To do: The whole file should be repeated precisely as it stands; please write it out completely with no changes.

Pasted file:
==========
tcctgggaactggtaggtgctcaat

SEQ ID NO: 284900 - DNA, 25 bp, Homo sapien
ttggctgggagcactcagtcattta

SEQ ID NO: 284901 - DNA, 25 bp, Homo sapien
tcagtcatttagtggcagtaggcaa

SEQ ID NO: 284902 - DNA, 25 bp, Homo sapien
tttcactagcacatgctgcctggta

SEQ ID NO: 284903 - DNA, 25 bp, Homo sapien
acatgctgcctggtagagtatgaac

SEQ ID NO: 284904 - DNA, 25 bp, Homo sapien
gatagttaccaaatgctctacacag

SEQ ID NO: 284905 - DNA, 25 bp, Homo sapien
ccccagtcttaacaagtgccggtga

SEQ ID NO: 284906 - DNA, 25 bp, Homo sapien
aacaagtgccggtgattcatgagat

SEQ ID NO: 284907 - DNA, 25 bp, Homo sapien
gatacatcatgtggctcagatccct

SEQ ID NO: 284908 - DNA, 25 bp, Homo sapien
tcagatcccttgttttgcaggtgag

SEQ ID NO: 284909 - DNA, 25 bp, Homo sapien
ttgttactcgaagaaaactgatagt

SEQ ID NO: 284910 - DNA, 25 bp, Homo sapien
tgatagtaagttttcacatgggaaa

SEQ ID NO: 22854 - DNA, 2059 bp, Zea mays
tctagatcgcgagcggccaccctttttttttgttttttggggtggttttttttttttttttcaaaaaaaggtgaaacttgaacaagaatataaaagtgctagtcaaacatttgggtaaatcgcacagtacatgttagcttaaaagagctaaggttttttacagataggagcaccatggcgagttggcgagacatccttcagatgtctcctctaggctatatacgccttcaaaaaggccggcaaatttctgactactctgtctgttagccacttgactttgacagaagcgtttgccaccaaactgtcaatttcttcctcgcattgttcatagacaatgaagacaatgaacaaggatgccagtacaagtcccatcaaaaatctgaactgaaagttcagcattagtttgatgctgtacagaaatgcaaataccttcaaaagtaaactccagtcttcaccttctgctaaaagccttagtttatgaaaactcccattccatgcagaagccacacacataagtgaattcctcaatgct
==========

tcctgggaactggtaggtgctcaat

SEQ ID NO: 284900 - DNA, 25 bp, Homo sapien
ttggctgggagcactcagtcattta

SEQ ID NO: 284901 - DNA, 25 bp, Homo sapien
tcagtcatttagtggcagtaggcaa

SEQ ID NO: 284902 - DNA, 25 bp, Homo sapien
tttcactagcacatgctgcctggta

SEQ ID NO: 284903 - DNA, 25 bp, Homo sapien
acatgctgcctggtagagtatgaac

SEQ ID NO: 284904 - DNA, 25 bp, Homo sapien
gatagttaccaaatgctctacacag

SEQ ID NO: 284905 - DNA, 25 bp, Homo sapien
ccccagtcttaacaagtgccggtga

SEQ ID NO: 284906 - DNA, 25 bp, Homo sapien
aacaagtgccggtgattcatgagat

SEQ ID NO: 284907 - DNA, 25 bp, Homo sapien
gatacatcatgtggctcagatccct

SEQ ID NO: 284908 - DNA, 25 bp, Homo sapien
tcagatcccttgttttgcaggtgag

SEQ ID NO: 284909 - DNA, 25 bp, Homo sapien
ttgttactcgaagaaaactgatagt

SEQ ID NO: 284910 - DNA, 25 bp, Homo sapien
tgatagtaagttttcacatgggaaa

SEQ ID NO: 22854 - DNA, 2059 bp, Zea mays
tctagatcgcgagcggccaccctttttttttgttttttggggtggttttttttttttttttcaaaaaaaggtgaaacttgaacaagaatataaaagtgctagtcaaacatttgggtaaatcgcacagtacatgttagcttaaaagagctaaggttttttacagataggagcaccatggcgagttggcgagacatccttcagatgtctcctctaggctatatacgccttcaaaaaggccggcaaatttctgactactctgtctgttagccacttgactttgacagaagcgtttgccaccaaactgtcaatttcttcctcgcattgttcatagacaatgaagacaatgaacaaggatgccagtacaagtcccatcaaaaatctgaactgaaagttcagcattagtttgatgctgtacagaaatgcaaataccttcaaaagtaaactccagtcttcaccttctgctaaaagccttagtttatgaaaactcccattccatgcagaagccacacacataagtgaattcctcaatgct